Whether it is because of his controversial acts, the punk-rap style, or the rising confusion around how to properly pronounce his name, XXXTentacion has garnered a lot of attention throughout the latter half of 2016 and here we are with his first major release: 17. At nineteen years old, being honored by XXL Magazine’s favorite upcoming artists list is a major vote of confidence for this young rapper’s potential, but what does all this newfound attention and regard say for the quality of 17? Especially when that same 9.99 price tag could just as well afford at least a couple dozen, reliable, sturdy, and useful clothes hangers instead. Everyone has been pondering this economic conundrum, and the debate ends here.
XXXTentacion does not care about what any critic thinks of him. This is a common sentiment shared by artists after their passion projects have been lambasted by analytical listeners, but XXXTentacion makes this bold statement preemptively in the preamble of 17. With the exception of some egregious use of the word ‘literally’, the track “Explanation” does this album the massive favor of efficiently explaining why such a brazen claim fits the focus of his first major release. This project aims to meet audiences with the candid confessions of a troubled mind at such an honest and humble level, it will leave similarly conflicted people feeling less isolated in a world that recognizes depression, but cannot always alleviate it. So, to an extent, it seems overall quality was never a priority to begin with.
In the interest of fairness though, one should not be too quick to turn a blind eye to the reputation of the common hanger either. Too thin and wiry a hanger will ravage the shoulder-shape of good tops. And the thicker, plastic offerings may not always be able to handle the weight of extreme modern fashions. These caveats do not come as any small matter either, but Albert J. Parkhouse’s hanger only sets out to do one thing: provide common clothing articles the wrinkle-free haven they deserve at minimal cost to users. Something sobering to keep in mind when considering XXXTentacion’s approach to “help cure or at least numb your depression” as stated in “Explanation.”
Going into “Jocelyn Flores” we are treated with solid vocals, a short yet sweet rap, and an unbridled outpouring of emotion in relation to a departed loved one. It is not hard to hear in the tone of his voice that the relationship left ugly scars on his sense of self-worth once it ended so harshly. Lyrically the heartbreak narrative he weaves advances poetically through tracks like the aforementioned one, “Depression & Obsession,” “Dead Inside,” “Save Me,” and “Ayla (Outro).” But five out of eleven tracks obviously leaves the majority in disparate places tonally. Because while “Everybody Dies in Their Nightmares” and “F**k Love” have some of the most pleasing beat production 17 has to offer, they fit haphazardly in the mix and would be better off as singles than threads in the making of this album as a whole. Meanwhile tracks like “Carry On” and “Orlando” feel on topic, yet they are redundant statements, which is not entirely foul, but in combination with with the drowsy — better yet, dull — instrumentation, these final wails snuff 17’s intrigue beyond the outro’s ability to revive it.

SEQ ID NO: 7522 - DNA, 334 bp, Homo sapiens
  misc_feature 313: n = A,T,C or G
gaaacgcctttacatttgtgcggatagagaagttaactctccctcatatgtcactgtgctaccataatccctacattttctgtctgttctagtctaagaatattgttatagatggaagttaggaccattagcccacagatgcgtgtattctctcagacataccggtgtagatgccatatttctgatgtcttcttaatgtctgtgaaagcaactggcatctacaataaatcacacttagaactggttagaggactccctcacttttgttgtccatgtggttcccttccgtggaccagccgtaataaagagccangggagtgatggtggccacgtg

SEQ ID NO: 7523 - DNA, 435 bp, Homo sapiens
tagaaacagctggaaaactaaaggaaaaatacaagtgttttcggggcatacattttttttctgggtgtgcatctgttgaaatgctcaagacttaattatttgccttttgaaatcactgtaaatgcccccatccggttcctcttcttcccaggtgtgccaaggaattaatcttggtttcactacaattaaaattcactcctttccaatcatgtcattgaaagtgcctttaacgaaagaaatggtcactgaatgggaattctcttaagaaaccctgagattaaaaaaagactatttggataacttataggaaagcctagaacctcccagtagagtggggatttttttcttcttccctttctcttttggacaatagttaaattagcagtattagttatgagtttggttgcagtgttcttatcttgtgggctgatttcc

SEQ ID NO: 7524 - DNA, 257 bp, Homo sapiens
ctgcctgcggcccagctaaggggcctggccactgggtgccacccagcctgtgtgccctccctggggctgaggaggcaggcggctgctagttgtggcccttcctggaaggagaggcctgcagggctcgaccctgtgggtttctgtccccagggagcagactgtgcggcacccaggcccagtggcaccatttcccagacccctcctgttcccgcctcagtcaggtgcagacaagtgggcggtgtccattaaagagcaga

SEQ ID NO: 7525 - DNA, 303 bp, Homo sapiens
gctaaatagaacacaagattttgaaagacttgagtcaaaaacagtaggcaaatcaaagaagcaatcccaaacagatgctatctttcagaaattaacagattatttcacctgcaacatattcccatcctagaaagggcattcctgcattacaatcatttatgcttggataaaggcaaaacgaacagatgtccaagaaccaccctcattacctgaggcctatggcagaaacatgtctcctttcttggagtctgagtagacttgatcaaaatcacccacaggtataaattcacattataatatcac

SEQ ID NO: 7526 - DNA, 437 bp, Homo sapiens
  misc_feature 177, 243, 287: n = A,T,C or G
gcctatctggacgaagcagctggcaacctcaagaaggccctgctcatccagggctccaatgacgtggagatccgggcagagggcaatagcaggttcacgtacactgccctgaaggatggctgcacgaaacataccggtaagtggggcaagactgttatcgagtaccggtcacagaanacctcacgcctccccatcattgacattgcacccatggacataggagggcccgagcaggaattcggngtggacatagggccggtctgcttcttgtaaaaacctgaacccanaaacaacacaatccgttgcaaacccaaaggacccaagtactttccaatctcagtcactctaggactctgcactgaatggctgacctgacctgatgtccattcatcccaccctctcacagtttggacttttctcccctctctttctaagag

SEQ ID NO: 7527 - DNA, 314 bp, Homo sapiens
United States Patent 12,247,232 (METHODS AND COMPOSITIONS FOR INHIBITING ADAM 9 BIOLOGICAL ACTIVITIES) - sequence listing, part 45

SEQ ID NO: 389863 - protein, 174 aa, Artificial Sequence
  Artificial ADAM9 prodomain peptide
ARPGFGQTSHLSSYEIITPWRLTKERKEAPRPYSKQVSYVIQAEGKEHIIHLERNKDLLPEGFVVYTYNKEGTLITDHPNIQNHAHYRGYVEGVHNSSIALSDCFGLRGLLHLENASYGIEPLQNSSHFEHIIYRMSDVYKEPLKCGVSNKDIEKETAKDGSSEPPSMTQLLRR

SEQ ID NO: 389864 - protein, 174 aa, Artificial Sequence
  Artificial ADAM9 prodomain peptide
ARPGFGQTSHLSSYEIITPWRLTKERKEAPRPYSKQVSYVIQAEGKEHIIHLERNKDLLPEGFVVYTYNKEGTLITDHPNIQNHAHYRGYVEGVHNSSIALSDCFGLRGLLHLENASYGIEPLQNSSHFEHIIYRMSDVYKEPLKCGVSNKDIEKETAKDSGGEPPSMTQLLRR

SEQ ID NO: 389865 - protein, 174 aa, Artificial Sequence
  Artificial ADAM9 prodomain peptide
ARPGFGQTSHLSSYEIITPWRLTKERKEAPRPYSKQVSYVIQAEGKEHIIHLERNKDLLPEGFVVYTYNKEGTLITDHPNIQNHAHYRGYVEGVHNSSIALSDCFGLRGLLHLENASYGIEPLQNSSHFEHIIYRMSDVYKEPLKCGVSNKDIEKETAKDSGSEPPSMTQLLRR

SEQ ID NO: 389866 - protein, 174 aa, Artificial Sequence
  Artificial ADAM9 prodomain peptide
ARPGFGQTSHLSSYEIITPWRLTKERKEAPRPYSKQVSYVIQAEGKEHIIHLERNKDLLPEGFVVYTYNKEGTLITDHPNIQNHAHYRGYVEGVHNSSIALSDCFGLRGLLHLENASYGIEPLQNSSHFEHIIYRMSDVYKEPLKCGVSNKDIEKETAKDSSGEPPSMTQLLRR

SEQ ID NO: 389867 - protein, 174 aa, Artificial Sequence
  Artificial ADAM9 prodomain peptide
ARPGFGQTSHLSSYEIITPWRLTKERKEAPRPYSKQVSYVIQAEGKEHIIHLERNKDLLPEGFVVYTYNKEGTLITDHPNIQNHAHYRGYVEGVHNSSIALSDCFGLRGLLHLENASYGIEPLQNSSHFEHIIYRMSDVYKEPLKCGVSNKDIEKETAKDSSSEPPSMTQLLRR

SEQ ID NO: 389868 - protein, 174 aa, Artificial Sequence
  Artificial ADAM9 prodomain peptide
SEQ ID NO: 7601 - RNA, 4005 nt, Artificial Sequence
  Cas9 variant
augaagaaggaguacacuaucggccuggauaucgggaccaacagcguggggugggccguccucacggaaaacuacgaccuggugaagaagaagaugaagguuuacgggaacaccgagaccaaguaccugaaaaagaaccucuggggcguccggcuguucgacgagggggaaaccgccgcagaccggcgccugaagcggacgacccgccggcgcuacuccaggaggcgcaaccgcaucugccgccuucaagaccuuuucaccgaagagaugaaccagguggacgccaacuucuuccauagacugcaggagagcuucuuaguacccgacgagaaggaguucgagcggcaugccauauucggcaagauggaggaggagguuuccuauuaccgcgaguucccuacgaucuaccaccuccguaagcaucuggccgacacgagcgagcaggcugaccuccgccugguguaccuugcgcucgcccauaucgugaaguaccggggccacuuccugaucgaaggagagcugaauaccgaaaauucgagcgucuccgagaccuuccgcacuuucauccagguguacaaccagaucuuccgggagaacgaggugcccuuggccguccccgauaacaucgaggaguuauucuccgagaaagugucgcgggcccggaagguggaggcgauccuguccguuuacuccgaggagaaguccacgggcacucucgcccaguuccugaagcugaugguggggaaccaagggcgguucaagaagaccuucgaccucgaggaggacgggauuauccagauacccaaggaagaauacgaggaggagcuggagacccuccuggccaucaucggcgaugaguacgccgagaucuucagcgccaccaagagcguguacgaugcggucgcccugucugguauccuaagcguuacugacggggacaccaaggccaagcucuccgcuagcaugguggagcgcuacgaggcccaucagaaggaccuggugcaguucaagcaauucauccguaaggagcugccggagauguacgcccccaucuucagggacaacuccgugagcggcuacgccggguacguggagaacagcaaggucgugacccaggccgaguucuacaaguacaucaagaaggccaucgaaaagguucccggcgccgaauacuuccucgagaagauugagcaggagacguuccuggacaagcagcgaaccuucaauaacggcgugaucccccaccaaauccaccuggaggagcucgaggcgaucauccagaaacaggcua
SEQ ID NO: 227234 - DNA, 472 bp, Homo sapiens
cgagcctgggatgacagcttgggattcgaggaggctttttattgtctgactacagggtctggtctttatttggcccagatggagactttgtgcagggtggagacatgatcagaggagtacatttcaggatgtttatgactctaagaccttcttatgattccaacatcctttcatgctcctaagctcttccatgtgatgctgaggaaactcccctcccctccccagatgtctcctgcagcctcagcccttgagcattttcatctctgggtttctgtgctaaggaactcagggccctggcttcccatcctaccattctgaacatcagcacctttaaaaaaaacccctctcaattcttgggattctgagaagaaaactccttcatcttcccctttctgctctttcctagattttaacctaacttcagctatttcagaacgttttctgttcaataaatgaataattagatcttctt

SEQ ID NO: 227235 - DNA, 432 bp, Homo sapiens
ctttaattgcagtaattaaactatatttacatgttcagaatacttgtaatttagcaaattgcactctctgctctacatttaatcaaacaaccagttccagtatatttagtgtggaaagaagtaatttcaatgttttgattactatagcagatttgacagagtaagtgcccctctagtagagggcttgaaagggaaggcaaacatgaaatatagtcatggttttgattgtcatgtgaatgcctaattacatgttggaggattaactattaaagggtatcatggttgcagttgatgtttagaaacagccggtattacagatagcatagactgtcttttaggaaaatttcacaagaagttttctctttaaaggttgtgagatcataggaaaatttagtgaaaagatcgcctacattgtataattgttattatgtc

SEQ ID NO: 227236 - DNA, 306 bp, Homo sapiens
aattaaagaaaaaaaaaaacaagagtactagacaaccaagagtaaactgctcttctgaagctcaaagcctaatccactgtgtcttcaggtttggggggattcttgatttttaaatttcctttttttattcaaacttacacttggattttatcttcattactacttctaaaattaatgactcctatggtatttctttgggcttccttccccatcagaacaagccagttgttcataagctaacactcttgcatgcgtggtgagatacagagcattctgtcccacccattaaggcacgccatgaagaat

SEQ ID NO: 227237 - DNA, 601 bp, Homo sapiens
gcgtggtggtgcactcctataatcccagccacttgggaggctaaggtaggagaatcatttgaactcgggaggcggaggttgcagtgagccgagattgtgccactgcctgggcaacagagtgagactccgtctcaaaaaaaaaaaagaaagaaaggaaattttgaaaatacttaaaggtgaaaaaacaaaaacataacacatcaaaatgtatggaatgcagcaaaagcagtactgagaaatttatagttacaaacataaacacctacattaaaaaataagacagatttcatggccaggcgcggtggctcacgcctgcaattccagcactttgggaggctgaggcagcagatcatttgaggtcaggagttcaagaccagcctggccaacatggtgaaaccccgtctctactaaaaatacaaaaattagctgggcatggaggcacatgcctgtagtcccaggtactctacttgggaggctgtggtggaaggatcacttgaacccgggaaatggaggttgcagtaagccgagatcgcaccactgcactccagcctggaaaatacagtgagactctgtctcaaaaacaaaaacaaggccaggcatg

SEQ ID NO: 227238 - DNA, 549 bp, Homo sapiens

Hangers just have to hang, while 17 has to offer something of substance to its thesis and it would be nice if it was easy to listen too as well. Which is where this project gets even messier, because lyrics and intent aside, most of the eleven tracks sound unremarkable. Tired of the same old white hangers? Buy a multicolored pack instead for that umami your closet has always needed. Tired of “Save Me?” Well, X doubles down on that tonal sound multiple times later on. Take a few hangers to Pinterest, and unveil the real potential behind those hookers. Take a gem like “Revenge” where we find his rock influences prevailing in interesting ways, and prepare for disappointment as XXXTentacion’s more experimental tendencies only decrease throughout the album. A couple of hangers can do so much, and just one can change a life, but 17 is unfortunately mostly forgettable.
It could be said that “Explanation” does this album it’s hugest favor and most fatal blow. It could be said that XXXTentacion’s youth and confusion makes this album about little more than confusion from recent heartbreak. And it could be said that this very personal collection of thoughts recorded over beats was never meant to be so popular in the first place. But ultimately, 17 simply does not make for a rewarding listing experience. As sincere an attempt as it may be, the album as a whole is eleven reasons why X needs to keep experimenting in this sensationalized trap rap culture while he is at the forefront of it. The potential is there, we can all hear it, but it does not seem fully realized on this album. The hanger’s reigning reputation of providing over a hundred years of reliability actually helps cure, or at least numb, the occurrence of crinkled clothes hitting the streets, while 17 hardly accomplishes as much in dealing with the weighty topic of depression. So, for 9.99 the potential is far more palpable with a couple of hangers instead of a couple of solid tracks.